A recent comparison chart reveals that Fallout 4 actually has less quest content than Skyrim. While many see that as a shortcoming, could less quests in an open world game be a good thing?
If Bethesda Softworks goes down in history for one thing and one thing only, it’s probably going to be just how huge its games were in comparison to anything else that was released at the time. Although games like The Witcher 3 have recently cropped up as contenders to the incredibly-long Western RPG throne, it’s been Bethesda’s for so long now that it likely has Dragonborn decor. The Maryland-based development studio just knows how to make lengthy narratives compelling, and the team behind Bethesda games keeps pushing the envelope forward in terms of how many hours of gameplay fans are willing to sink into a single title.
Of course, when Fallout 4 released, many assumed that it would eclipse every previous Bethesda game in scale and content depth. Those assumptions were borderline confirmed upon the news that Fallout 4 has over 400 hours worth of exploration for those willing to put in the time, and all was well in the sandbox RPG world. However, a detailed comparison chart recently revealed that The Elder Scrolls 4: Skyrim actually had more quests and deeper questlines, and those who have doubted Fallout 4 as a serious Game of the Year contender pointed towards this fact as more evidence behind their claims.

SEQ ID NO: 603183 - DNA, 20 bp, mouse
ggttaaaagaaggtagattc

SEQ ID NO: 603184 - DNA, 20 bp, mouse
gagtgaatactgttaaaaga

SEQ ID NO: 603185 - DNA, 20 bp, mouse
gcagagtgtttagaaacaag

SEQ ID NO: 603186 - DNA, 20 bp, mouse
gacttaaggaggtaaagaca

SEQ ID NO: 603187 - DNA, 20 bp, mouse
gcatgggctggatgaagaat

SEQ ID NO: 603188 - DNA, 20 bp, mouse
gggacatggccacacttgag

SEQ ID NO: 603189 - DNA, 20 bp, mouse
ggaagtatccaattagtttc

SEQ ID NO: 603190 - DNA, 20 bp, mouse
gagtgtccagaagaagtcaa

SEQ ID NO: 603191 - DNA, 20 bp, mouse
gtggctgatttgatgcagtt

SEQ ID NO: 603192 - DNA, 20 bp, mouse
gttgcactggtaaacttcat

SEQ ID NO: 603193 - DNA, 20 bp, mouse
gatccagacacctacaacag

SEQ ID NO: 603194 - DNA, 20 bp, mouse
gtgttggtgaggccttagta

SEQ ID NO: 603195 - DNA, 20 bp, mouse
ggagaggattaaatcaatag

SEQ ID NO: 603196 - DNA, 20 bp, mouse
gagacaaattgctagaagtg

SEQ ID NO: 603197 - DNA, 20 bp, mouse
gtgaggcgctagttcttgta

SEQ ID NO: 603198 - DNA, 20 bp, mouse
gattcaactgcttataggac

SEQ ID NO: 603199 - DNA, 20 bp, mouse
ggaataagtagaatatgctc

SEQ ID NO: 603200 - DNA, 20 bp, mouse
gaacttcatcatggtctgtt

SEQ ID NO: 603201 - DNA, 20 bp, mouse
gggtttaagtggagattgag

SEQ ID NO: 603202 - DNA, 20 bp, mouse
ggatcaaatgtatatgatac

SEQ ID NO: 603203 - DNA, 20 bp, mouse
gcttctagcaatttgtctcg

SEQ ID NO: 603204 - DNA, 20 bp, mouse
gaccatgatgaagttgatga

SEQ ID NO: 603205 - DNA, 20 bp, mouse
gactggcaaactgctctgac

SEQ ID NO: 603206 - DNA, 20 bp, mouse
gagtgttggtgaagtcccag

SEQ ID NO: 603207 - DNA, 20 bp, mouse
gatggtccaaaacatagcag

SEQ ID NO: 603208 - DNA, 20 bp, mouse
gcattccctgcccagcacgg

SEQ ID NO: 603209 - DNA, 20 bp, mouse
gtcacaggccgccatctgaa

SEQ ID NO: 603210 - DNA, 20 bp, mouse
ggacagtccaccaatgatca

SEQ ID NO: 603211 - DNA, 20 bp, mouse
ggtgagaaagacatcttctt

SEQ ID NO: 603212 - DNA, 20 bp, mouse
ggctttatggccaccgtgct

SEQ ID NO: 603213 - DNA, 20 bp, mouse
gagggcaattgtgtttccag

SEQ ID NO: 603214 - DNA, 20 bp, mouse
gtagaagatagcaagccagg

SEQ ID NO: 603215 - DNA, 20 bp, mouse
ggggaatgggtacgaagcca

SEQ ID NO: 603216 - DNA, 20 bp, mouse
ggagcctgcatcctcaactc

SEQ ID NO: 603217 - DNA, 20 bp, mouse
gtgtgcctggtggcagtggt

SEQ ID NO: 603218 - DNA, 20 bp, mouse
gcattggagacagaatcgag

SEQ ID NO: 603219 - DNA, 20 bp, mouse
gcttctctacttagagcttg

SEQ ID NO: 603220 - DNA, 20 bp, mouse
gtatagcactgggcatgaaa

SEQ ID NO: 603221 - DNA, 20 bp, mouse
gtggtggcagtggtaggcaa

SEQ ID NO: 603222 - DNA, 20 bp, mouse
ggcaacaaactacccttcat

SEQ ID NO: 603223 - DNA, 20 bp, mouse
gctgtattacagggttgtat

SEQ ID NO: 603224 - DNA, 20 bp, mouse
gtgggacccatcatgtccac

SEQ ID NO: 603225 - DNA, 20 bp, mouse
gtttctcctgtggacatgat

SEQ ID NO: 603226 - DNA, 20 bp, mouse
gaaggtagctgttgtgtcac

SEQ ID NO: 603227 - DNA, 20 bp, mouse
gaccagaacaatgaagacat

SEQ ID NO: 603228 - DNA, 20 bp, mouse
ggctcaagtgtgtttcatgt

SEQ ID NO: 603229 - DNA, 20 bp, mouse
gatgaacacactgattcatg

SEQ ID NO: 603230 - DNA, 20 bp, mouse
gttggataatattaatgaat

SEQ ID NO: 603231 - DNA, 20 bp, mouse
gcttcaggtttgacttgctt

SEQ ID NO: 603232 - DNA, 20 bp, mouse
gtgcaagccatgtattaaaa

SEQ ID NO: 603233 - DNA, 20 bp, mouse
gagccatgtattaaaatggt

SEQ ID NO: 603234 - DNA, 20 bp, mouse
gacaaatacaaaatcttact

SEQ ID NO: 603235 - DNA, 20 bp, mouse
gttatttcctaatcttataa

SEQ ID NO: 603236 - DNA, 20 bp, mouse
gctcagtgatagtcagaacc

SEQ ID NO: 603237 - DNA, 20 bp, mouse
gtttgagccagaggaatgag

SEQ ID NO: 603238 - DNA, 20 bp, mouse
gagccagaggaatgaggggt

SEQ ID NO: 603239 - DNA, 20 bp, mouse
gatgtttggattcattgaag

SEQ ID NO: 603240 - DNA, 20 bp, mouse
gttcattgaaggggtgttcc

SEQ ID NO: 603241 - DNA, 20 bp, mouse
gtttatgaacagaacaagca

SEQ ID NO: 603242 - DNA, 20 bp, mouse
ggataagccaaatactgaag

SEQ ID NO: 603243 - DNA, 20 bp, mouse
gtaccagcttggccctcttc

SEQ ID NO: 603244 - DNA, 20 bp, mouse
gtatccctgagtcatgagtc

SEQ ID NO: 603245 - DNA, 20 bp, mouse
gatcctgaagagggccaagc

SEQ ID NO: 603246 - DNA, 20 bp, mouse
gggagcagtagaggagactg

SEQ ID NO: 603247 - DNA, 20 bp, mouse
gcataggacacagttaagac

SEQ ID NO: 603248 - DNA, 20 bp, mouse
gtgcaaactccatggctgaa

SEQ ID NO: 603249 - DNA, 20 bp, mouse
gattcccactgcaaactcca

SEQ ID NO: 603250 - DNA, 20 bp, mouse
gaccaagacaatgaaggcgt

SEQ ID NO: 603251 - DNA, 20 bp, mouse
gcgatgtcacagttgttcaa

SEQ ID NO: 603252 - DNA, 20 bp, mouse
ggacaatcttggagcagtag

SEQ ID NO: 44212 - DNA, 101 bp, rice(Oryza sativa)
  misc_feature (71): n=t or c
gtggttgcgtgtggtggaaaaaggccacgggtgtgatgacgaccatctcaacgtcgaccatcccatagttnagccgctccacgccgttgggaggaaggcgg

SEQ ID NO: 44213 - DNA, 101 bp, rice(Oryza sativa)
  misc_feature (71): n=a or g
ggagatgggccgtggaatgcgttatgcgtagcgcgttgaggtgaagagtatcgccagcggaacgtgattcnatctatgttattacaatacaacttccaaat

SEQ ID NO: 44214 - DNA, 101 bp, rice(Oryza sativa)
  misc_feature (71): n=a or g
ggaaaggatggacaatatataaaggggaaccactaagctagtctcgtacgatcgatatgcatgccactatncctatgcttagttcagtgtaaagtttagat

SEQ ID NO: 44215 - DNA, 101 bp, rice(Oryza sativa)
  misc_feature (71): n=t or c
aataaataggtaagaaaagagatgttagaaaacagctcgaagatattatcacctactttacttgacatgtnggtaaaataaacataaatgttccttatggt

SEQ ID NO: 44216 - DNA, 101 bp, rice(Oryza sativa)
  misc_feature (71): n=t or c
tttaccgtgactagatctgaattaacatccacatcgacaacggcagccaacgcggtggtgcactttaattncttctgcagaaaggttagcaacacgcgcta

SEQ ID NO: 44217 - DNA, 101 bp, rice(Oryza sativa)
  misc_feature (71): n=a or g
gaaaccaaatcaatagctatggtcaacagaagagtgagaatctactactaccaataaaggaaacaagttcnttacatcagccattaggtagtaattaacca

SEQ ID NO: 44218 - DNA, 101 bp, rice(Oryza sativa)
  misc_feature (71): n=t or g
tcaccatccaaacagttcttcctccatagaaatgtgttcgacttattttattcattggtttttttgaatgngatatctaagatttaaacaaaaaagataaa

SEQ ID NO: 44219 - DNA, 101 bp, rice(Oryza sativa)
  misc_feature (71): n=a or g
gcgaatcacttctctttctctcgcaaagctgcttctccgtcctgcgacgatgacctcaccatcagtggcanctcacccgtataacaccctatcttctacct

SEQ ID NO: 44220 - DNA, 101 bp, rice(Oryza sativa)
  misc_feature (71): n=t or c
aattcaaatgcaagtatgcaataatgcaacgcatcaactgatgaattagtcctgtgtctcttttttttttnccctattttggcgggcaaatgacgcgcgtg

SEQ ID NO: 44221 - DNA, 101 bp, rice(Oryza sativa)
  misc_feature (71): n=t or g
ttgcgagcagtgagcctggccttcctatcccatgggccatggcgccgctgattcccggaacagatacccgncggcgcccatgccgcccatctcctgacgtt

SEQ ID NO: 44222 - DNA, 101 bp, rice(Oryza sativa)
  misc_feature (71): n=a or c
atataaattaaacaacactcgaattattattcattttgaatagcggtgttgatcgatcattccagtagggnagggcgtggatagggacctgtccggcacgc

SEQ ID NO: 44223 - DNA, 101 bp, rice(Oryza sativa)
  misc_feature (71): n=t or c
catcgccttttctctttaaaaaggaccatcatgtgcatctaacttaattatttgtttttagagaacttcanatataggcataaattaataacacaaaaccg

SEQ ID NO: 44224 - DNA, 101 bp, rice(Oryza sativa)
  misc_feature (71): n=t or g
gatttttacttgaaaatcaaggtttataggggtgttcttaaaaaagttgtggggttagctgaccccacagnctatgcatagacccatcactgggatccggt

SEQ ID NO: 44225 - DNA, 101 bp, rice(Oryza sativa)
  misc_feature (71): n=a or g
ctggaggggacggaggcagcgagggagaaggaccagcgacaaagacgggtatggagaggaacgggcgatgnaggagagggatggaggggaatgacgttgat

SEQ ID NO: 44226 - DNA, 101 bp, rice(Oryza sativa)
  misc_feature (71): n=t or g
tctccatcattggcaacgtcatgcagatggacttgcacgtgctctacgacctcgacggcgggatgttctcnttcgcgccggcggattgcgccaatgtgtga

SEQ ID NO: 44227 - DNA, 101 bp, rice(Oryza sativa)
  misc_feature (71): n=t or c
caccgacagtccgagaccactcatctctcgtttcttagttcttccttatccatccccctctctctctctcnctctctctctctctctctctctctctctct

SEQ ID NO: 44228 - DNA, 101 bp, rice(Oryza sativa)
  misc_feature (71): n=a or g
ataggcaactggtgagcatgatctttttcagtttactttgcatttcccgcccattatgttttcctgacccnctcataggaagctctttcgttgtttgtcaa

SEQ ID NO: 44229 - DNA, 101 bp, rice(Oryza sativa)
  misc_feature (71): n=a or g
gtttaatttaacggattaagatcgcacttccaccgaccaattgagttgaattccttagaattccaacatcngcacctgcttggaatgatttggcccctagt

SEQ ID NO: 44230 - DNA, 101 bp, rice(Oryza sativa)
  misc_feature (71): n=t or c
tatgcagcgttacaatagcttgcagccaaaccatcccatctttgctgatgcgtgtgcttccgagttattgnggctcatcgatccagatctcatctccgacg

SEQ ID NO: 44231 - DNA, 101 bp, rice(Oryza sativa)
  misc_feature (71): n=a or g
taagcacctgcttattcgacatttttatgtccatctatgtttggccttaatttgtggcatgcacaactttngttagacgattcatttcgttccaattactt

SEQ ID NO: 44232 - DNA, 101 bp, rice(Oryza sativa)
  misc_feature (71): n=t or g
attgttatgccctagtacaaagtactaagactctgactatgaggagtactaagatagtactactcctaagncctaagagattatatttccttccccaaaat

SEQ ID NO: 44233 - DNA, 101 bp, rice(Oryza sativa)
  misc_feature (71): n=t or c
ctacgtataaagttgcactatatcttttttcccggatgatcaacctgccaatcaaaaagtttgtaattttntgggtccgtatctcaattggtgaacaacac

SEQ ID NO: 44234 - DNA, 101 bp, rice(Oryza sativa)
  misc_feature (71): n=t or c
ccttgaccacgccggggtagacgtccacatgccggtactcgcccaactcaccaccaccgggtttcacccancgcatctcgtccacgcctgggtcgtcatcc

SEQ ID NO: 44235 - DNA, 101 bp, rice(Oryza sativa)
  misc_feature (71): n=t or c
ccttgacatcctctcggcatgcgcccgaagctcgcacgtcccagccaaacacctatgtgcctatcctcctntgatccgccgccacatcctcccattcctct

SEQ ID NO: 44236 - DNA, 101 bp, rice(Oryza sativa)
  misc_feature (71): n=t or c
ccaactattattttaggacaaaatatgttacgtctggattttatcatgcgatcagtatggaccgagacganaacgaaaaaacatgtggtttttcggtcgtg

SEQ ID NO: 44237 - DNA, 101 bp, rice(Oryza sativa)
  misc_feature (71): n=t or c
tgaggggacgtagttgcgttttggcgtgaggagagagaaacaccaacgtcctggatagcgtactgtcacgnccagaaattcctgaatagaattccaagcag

While I believe that Fallout 4 would’ve been a favorite to win Game of the Year had it not been unfortunately pitted against quite possibly the greatest modern RPG effort of all time in The Witcher 3, the fact remains that it has had some noticeable flaws. But for as much as Fallout 4 is a glitchy mess at times, or its story might not fit the video game world Bethesda has placed it in, a smaller quest count is not among the title’s problems. In fact, a smaller focus on the volume of quests in Bethesda games is a refreshing take on the way the studio develops its games.